Let us briefly look at Islam and education. Islam enjoins belief (iman) and action (amal). It is actively humanitarian and merciful. It provides the idiom in which social and political messages need to be couched for the people of Pakistan to accept and own them.
The doors of ijtihad which were closed 1,000 years ago need to be reopened to reclaim the original message of Islam, which through the Quran and the Sunnah spoke directly to the individual believer, not through the medium of a class for whom faith became a profession and a means of influence and power.
The Prophet (PBUH) said his ummah will never agree in error. It is this confidence, lost for 1,000 years since the Mongol destruction of Baghdad, which needs to be recovered for an Islamic civilisational renaissance to commence, in which faith, science and human intuition reinforce one another to comprise a transcendent unity and a transforming power for deliverance from catastrophe.
Our scientific and cultural heritage of Baghdad, Andalus, Iran and Central Asia needs to be repossessed and carried forward.
We are all aware of the hadith which says search for knowledge, even from China. The search for knowledge is the essence of science and education. Without an educated public opinion, no reform can be lasting and no national goal can be achieved.
Public education is not a priority in Pakistan. It can never be within current political and social structures. It is a human right, and human rights and education are not priorities, except rhetorically and in seminars, policy documents and manifestos. Resource constraints is another name for low priority.
In today’s world, the concept of education must change. The great German educator, William Humboldt, said education “should not be a matter of pouring water into a vessel but rather it should be conceived as laying out a string along which learners proceed in their own ways, exercising and improving their creative capacities and imaginations, and experiencing the joy of discovery”.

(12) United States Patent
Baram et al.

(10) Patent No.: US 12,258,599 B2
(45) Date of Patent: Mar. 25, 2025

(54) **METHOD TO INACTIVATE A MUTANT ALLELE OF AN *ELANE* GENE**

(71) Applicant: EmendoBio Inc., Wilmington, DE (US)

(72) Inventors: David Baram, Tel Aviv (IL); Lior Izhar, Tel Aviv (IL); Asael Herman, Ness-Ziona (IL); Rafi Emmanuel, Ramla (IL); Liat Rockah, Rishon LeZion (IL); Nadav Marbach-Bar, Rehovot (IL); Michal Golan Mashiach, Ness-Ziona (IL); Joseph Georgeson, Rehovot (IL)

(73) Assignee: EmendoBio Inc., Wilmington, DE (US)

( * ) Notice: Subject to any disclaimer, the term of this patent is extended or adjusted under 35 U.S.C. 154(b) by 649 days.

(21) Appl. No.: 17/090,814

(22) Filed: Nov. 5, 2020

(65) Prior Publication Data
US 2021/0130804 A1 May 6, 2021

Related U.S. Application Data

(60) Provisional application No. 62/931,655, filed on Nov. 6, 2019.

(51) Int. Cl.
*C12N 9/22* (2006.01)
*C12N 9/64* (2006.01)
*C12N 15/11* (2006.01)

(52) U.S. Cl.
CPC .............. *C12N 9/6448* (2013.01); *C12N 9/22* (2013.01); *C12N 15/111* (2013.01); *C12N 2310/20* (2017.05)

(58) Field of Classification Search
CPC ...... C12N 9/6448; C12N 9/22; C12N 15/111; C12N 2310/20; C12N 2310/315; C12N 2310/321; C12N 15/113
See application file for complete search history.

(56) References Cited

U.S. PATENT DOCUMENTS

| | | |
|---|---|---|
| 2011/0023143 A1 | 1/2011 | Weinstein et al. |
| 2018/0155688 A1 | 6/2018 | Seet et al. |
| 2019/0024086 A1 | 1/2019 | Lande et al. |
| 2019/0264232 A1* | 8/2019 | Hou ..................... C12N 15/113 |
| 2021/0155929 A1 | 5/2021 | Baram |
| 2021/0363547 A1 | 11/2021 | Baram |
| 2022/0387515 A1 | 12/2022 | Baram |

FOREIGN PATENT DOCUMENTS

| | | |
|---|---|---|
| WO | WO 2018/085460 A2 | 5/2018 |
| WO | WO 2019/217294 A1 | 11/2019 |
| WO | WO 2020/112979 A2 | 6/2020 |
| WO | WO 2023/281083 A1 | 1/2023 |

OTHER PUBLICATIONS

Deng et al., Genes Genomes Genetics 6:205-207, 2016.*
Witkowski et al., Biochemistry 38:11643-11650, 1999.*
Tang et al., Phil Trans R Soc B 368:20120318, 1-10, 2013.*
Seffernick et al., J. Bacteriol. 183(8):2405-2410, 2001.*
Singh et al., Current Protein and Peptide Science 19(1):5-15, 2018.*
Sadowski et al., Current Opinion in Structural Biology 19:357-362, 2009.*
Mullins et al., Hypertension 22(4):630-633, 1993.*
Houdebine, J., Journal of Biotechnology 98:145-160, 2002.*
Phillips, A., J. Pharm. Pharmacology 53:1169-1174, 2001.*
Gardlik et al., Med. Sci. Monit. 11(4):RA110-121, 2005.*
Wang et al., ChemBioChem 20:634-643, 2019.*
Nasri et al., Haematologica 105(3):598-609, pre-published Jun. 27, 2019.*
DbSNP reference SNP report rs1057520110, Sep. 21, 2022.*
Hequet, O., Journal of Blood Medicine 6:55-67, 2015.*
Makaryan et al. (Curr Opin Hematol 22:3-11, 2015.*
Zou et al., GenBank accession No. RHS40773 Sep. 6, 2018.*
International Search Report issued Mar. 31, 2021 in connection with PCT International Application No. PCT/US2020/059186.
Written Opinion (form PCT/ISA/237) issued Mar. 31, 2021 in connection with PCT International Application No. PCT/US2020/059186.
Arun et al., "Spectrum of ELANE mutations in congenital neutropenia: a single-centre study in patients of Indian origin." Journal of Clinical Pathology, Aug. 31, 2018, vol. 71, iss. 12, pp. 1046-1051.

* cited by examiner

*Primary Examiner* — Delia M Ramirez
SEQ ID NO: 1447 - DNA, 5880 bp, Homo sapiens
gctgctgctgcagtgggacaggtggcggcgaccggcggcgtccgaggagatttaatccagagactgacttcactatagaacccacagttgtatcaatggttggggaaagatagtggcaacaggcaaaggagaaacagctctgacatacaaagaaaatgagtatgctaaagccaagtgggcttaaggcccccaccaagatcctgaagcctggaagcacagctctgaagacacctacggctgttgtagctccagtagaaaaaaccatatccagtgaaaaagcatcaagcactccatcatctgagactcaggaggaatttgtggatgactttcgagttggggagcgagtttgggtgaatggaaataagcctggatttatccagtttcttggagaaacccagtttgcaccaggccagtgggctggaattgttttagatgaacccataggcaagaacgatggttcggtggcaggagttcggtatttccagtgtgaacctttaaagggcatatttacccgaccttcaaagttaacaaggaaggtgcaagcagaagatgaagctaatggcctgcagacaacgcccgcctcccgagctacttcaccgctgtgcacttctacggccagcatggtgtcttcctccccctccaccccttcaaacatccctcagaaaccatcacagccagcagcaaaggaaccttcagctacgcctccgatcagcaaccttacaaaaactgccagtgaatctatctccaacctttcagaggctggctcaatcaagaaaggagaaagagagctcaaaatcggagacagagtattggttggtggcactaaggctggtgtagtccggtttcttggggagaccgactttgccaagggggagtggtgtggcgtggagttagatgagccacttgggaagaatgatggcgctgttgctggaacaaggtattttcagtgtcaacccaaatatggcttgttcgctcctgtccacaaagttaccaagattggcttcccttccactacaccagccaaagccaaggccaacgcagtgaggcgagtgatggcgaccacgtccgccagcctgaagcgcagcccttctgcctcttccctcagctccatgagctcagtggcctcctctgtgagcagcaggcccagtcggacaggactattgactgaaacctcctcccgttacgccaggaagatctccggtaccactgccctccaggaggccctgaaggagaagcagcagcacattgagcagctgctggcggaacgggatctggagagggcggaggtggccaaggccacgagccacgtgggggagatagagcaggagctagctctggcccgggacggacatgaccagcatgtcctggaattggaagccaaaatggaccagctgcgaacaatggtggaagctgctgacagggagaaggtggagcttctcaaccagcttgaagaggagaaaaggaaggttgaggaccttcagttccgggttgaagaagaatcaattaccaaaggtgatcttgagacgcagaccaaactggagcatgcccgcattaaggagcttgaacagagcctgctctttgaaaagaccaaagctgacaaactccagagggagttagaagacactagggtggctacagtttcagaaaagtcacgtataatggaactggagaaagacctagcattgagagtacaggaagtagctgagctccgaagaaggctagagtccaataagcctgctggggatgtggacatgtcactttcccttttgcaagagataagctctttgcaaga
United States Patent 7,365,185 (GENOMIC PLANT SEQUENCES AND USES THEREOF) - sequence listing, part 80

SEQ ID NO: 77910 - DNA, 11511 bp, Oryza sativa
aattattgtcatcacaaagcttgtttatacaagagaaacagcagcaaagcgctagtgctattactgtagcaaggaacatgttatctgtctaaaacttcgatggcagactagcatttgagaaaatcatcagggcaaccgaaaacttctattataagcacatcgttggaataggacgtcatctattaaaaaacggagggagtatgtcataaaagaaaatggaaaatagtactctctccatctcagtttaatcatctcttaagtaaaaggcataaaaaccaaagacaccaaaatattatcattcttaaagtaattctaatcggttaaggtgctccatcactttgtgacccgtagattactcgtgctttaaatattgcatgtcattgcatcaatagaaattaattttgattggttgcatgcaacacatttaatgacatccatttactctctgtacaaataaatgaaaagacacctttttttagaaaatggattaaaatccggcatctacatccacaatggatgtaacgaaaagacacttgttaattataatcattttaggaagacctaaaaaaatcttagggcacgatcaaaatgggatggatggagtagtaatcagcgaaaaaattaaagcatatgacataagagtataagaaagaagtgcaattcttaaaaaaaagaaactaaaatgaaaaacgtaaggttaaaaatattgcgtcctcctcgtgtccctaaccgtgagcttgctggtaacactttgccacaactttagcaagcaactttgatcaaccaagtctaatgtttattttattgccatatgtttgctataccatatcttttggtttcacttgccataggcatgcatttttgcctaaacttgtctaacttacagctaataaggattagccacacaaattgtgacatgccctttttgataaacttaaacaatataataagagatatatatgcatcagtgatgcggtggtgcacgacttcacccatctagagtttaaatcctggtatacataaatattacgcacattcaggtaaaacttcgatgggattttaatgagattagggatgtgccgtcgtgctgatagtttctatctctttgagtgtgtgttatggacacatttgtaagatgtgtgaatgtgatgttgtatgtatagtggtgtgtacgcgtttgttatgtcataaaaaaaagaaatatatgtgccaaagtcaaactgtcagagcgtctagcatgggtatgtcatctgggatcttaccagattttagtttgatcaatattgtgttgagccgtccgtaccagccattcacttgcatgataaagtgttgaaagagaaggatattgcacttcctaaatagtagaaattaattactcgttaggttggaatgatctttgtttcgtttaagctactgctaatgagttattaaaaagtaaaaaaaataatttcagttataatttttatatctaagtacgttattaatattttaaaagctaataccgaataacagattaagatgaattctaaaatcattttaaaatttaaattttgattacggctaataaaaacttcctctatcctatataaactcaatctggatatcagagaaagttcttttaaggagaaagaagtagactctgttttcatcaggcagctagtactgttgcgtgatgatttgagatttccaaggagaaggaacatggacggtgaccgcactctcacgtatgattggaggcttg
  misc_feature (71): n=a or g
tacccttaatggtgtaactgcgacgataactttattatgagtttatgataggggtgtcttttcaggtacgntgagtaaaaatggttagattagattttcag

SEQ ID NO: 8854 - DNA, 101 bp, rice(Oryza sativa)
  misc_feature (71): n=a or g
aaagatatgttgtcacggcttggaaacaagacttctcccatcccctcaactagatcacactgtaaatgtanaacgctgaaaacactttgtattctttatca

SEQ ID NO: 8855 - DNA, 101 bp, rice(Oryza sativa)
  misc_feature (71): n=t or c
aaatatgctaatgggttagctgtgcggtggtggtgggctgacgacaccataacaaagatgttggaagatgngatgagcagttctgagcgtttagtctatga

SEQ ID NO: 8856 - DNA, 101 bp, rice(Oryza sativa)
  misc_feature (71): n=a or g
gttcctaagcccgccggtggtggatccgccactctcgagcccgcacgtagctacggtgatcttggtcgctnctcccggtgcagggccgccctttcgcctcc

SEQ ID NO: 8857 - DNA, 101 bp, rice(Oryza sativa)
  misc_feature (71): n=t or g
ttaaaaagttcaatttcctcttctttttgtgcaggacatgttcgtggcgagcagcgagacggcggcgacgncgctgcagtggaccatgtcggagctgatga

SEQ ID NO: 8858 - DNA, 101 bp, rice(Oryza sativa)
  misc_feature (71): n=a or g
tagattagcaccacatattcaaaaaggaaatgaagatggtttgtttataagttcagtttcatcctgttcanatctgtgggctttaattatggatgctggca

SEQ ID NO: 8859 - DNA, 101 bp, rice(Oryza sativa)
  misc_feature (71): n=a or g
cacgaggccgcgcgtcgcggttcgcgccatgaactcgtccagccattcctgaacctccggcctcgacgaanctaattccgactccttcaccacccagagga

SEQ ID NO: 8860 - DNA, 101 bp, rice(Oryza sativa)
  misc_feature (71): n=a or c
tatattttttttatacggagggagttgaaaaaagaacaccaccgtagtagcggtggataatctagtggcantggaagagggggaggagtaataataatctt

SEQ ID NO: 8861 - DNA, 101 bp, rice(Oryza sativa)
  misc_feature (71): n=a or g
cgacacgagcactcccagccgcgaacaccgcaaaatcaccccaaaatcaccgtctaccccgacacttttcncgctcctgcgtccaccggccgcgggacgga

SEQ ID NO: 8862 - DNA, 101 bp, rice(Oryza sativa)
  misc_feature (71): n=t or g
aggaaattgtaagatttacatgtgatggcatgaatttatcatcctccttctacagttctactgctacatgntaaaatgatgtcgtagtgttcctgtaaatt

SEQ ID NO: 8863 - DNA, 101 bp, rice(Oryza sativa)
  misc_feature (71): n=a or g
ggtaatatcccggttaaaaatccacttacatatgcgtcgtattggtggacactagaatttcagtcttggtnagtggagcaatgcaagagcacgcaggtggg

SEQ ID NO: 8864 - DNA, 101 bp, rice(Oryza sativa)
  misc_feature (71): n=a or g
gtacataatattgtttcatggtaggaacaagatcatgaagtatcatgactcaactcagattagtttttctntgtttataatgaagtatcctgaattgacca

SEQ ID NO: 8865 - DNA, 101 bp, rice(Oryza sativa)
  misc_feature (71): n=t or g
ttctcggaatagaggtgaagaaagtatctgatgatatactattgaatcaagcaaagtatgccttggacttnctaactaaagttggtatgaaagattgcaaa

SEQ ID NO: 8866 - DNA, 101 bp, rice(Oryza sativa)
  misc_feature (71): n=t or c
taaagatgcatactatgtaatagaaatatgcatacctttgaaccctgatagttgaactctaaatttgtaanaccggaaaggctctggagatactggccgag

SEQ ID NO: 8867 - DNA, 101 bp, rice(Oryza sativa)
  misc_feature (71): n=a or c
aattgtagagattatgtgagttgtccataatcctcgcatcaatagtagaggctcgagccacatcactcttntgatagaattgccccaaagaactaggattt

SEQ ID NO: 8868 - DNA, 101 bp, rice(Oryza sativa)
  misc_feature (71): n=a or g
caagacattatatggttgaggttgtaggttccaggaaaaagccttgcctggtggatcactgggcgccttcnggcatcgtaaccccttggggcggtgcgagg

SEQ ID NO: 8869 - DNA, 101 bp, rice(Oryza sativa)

Chomsky recalls one of his teachers, when asked what will be “covered” in his semester, said the question should be what will be “discovered”.
Unfortunately, authority, orthodoxy and syllabuses insist on filling vessels. Parents rightly want their children to find remunerative jobs. Hence, education as a search for knowledge will have to be a longer-term endeavour which should, however, begin immediately.
Experts agree children should commence their primary education in their mother tongue. They can then switch to regional and national languages and, at a later stage, become familiar with an international language.
Pakistan is fortunate in this regard. Urdu is well understood throughout the country and is the lingua franca between people of different regions. Familiarity with English, if not always proficiency in it, especially among the middle and upper classes, has been around for generations. The building blocks for a nationally educated and internationally interacting society are available. Constructing one must become an insistent priority.
The writer is a former ambassador to the US, India and China and head of UN missions in Iraq and Sudan.
Published in Dawn, January 20th, 2023